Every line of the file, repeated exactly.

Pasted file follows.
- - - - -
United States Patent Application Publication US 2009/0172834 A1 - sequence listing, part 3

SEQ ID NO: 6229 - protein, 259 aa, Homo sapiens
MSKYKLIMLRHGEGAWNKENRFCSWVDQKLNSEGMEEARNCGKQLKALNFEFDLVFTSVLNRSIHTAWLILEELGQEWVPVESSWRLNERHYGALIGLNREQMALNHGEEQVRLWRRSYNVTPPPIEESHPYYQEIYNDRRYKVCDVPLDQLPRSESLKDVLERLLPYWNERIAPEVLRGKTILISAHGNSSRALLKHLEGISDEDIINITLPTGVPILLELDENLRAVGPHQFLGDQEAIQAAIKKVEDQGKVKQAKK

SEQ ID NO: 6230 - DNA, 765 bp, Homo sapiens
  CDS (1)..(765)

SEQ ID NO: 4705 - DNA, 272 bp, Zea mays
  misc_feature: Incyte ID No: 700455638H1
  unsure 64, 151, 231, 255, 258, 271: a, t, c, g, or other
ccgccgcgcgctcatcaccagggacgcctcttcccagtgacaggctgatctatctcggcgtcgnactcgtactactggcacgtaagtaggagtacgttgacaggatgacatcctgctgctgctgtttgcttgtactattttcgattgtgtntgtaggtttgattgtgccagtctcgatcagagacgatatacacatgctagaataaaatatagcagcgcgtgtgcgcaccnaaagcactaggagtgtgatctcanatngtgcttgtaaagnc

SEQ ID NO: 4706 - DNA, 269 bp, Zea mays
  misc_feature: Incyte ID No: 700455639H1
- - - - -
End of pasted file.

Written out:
United States Patent Application Publication US 2009/0172834 A1 - sequence listing, part 3

SEQ ID NO: 6229 - protein, 259 aa, Homo sapiens
MSKYKLIMLRHGEGAWNKENRFCSWVDQKLNSEGMEEARNCGKQLKALNFEFDLVFTSVLNRSIHTAWLILEELGQEWVPVESSWRLNERHYGALIGLNREQMALNHGEEQVRLWRRSYNVTPPPIEESHPYYQEIYNDRRYKVCDVPLDQLPRSESLKDVLERLLPYWNERIAPEVLRGKTILISAHGNSSRALLKHLEGISDEDIINITLPTGVPILLELDENLRAVGPHQFLGDQEAIQAAIKKVEDQGKVKQAKK

SEQ ID NO: 6230 - DNA, 765 bp, Homo sapiens
  CDS (1)..(765)

SEQ ID NO: 4705 - DNA, 272 bp, Zea mays
  misc_feature: Incyte ID No: 700455638H1
  unsure 64, 151, 231, 255, 258, 271: a, t, c, g, or other
ccgccgcgcgctcatcaccagggacgcctcttcccagtgacaggctgatctatctcggcgtcgnactcgtactactggcacgtaagtaggagtacgttgacaggatgacatcctgctgctgctgtttgcttgtactattttcgattgtgtntgtaggtttgattgtgccagtctcgatcagagacgatatacacatgctagaataaaatatagcagcgcgtgtgcgcaccnaaagcactaggagtgtgatctcanatngtgcttgtaaagnc

SEQ ID NO: 4706 - DNA, 269 bp, Zea mays
  misc_feature: Incyte ID No: 700455639H1